New comms ministers to roll in style
The Democratic Alliance (DA) has called into question the intended purchase of new luxury vehicles for the newly-appointed leadership of the communications department.
Phumzile van Damme, MP and DA shadow minister of communications, reveals the department plans to buy two new vehicles for minister Ayanda Dlodlo and deputy minister Thandi Mahambehlala, despite financial constraints.
According to her, the department runs the risk of running out of money by the second quarter of the current financial year.
At a portfolio committee meeting on communications yesterday, acting DG Basani Baloyi indicated "the department is under severe economic pressure, and will likely run out of money by mid-year", Van Damme notes.
She explains: "The purchase of two new vehicles will place severe financial pressure on the department's ability to fill vacancies and deliver on its mandate. The department states the two new cars will be purchased at a minimum of R750 000 per vehicle, but as history shows, members of the executive have a penchant for splurging R1 million and above on cars.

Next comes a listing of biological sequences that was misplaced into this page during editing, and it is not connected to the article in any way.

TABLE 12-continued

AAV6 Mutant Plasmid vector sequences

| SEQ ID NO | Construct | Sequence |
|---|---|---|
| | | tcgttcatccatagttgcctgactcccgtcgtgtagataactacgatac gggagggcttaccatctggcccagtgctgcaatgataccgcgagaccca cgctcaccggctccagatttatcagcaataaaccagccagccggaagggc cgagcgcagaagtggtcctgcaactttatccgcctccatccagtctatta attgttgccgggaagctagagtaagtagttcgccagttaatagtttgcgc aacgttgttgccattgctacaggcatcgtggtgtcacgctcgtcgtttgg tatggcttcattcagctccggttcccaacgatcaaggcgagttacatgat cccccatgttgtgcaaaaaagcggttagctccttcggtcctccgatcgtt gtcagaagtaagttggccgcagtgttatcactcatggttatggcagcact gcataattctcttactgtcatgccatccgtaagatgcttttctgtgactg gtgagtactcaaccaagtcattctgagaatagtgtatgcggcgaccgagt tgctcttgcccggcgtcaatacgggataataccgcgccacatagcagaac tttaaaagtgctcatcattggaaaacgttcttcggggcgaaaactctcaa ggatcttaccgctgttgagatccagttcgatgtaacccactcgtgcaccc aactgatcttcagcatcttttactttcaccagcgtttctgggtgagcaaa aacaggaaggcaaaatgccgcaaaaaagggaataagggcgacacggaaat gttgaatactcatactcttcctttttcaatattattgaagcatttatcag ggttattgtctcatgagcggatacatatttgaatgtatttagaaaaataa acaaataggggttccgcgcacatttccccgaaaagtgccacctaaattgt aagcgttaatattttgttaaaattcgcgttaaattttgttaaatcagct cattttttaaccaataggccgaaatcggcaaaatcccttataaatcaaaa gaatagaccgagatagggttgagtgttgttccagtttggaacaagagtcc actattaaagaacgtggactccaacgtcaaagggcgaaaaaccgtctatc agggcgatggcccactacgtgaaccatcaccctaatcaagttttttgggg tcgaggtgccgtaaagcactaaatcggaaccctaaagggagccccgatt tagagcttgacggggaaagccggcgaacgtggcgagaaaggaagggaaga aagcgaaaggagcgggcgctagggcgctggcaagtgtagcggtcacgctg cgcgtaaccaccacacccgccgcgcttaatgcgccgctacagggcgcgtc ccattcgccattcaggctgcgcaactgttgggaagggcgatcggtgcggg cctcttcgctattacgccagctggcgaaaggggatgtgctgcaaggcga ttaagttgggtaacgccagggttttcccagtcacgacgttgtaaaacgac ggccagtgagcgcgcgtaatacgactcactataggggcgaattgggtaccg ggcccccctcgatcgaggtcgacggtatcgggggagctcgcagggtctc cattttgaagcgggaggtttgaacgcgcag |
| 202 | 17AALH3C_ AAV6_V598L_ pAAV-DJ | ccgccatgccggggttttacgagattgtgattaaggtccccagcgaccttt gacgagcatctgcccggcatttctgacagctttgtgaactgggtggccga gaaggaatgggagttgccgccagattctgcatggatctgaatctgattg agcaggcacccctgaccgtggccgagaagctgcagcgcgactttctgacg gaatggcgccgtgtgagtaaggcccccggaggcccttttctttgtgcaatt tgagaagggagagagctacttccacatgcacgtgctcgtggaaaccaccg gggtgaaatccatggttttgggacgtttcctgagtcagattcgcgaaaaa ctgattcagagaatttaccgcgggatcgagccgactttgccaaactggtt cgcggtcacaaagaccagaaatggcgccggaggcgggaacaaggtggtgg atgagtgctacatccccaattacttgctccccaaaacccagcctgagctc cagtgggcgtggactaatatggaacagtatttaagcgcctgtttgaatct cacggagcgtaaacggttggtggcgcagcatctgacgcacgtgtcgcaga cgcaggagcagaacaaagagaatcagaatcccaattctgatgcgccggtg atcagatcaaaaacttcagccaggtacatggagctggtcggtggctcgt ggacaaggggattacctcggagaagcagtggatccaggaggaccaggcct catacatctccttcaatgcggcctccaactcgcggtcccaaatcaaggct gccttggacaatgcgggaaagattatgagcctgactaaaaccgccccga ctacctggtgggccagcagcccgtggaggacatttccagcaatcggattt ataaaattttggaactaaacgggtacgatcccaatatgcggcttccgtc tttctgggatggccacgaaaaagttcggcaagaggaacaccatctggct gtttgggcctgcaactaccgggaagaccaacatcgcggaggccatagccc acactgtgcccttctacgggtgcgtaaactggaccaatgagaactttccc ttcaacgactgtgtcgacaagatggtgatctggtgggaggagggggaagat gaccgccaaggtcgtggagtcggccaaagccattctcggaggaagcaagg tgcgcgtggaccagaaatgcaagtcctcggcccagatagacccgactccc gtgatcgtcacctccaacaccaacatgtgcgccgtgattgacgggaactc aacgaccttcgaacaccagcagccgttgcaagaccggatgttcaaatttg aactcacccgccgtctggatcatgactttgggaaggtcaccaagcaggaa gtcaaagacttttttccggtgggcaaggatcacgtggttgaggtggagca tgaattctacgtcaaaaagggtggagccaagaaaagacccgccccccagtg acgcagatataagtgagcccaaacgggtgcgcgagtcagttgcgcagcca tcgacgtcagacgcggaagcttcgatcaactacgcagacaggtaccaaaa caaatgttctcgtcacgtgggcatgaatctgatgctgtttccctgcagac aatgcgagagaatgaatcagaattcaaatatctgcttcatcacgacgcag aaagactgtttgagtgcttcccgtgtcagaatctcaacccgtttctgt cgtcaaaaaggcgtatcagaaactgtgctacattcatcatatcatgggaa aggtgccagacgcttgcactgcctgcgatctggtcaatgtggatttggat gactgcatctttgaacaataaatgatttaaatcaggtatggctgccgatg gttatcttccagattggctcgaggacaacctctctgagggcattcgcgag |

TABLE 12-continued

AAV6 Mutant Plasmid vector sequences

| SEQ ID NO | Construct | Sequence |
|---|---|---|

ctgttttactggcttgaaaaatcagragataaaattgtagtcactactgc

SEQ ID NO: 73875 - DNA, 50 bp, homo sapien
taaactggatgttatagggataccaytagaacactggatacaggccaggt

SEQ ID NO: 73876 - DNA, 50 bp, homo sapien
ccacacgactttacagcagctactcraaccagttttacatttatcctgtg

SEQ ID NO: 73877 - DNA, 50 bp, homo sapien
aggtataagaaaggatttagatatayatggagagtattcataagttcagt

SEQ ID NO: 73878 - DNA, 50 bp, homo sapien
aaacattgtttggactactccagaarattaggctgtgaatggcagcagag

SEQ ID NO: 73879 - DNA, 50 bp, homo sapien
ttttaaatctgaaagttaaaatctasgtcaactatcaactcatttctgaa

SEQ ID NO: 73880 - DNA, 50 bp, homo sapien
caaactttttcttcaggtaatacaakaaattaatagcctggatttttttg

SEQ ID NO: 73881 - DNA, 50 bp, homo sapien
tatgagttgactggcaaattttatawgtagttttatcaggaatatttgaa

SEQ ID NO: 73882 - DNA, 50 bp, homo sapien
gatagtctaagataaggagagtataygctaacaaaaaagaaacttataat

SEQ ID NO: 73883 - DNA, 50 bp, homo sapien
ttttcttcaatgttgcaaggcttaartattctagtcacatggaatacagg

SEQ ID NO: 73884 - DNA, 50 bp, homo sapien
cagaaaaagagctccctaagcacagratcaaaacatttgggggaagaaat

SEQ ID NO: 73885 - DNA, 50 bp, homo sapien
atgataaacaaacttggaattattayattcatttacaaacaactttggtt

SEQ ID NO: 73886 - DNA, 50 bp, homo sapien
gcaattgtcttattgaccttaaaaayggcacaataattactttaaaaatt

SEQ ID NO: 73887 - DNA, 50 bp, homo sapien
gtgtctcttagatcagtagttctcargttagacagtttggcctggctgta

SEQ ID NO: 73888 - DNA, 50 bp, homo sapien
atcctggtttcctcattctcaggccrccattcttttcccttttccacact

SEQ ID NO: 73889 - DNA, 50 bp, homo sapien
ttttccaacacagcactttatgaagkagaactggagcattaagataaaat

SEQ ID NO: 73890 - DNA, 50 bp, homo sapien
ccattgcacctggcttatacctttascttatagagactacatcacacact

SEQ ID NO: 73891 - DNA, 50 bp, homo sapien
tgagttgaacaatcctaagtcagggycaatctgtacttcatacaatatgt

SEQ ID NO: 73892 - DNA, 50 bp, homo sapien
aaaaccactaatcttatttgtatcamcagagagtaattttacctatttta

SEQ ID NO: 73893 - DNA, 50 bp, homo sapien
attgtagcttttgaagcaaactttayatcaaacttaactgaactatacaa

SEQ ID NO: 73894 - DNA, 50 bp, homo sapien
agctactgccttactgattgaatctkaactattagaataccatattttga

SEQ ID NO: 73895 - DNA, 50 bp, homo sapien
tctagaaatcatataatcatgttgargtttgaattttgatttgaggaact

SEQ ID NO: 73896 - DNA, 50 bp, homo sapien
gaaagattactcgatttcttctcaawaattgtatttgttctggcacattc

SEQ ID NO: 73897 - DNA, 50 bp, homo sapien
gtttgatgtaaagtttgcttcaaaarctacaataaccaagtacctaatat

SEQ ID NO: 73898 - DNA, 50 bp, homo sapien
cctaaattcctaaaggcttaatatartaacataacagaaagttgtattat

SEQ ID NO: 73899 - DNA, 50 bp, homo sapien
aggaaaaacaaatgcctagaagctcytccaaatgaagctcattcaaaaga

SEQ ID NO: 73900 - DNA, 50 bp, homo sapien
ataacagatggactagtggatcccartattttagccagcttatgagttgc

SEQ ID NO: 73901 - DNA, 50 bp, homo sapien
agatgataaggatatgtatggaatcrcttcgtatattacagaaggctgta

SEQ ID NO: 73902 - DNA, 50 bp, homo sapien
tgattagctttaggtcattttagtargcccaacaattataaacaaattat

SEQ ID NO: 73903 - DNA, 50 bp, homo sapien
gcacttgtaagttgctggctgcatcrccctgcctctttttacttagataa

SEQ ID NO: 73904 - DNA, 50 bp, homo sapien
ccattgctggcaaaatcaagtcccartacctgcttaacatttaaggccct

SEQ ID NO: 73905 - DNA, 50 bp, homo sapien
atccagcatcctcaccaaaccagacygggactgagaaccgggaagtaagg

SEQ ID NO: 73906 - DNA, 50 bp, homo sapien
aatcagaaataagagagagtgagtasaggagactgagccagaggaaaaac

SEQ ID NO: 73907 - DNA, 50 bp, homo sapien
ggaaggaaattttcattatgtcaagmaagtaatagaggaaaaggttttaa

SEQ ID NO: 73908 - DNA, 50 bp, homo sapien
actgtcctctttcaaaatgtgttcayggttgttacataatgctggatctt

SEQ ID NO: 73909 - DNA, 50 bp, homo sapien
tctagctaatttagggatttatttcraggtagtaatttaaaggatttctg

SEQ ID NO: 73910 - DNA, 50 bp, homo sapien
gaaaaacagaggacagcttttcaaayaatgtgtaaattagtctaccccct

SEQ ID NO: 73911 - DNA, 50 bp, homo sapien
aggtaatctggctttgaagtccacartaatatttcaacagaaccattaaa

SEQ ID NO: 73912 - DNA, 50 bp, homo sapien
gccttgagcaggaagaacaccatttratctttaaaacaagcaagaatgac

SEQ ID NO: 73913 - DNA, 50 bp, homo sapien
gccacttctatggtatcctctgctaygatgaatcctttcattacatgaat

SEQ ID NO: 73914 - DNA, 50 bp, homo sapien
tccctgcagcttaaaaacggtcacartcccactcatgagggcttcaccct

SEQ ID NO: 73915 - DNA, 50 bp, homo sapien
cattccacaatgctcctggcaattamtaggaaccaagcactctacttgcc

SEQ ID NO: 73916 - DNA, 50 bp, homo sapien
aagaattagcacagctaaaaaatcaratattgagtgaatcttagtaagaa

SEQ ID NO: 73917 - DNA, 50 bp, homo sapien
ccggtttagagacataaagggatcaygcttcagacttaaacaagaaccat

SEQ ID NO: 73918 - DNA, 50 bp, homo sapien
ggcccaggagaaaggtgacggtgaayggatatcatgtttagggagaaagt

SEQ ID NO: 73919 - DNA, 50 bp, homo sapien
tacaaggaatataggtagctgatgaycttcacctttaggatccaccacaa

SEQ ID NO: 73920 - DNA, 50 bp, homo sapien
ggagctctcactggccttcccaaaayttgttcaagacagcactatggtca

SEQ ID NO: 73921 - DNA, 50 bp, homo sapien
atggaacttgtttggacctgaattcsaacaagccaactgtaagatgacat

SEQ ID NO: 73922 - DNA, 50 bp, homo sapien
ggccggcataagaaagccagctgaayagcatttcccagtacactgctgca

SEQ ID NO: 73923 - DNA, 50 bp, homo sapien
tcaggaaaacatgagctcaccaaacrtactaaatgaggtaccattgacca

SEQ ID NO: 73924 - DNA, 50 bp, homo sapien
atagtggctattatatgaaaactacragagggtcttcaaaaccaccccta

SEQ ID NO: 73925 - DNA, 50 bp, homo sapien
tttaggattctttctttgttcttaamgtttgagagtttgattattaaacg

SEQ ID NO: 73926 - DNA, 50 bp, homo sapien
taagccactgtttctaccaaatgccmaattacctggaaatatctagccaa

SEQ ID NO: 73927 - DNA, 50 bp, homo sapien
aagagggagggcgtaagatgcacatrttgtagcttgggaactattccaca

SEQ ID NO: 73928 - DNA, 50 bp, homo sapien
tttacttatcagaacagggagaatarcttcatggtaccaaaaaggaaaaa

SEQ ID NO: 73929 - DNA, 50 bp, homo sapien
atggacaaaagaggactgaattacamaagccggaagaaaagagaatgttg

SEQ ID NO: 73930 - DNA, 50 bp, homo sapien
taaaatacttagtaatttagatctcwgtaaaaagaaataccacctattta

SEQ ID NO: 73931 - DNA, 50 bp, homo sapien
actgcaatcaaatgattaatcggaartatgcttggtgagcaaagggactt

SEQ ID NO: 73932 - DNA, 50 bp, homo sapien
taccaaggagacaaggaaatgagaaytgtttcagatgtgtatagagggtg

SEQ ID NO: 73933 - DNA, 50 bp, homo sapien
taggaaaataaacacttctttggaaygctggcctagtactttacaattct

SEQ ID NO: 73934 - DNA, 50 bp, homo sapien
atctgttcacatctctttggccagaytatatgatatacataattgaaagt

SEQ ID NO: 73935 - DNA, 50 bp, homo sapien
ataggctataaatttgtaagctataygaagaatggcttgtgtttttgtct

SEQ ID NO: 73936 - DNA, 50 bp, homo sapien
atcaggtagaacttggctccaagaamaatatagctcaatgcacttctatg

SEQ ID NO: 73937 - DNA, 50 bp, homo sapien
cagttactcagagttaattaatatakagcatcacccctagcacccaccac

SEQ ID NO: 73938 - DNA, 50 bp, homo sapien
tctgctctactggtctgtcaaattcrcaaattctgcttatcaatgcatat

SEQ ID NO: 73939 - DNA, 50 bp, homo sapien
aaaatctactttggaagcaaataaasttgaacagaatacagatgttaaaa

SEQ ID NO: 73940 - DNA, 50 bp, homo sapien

"The DA challenges the minister and her deputy to reject these purchases, as their priorities as new ministers should be fixing a department and its entities currently in severe crisis, and ensuring that there is money to do so - not buying fancy new cars."
Van Damme points out the department should have four 2014 luxury cars ? a BMW X5, Jeep Grand Cherokee, Audi A8 Quattro and Audi Q7 ? in its garage, which she believes are more than good enough.
"The excuse that the ministerial handbook allows ministers to purchase new vehicles once mileage has been reached does not hold water."
The communications department had not responded to ITWeb's questions by the time of publication.
This is not the first time government departments have been scrutinised for the money they spend on vehicle purchases.
Earlier this year, a report, based on an investigation by the DA, revealed government spent more than R40 million on luxury vehicles bought from 2014 to 2017.
However, former communications minister Faith Muthambi released a statement that strongly criticised the report.
At the time, Muthambi described the purchase of vehicles "as tools of the trade". She stated there is no illegality or crime in government purchasing vehicles for ministers and their deputies.
Muthambi explained that ministers and their deputies have to travel long distances to deal with the real challenges of communities that are in the far flung rural and urban areas of Mpumalanga, Limpopo, North West, Eastern Cape and Northern Cape.
"The minister of water and sanitation must ensure that the community of Thohoyandou in Limpopo and those of Tsomo or Lusisiki in the Eastern Cape are equally served in terms of water provision...
"Same as with the ministry of water and sanitation, ministers and their deputies are not office-bound nor are based in one province. Travelling to inland provinces and to communities demands them to use these vehicles."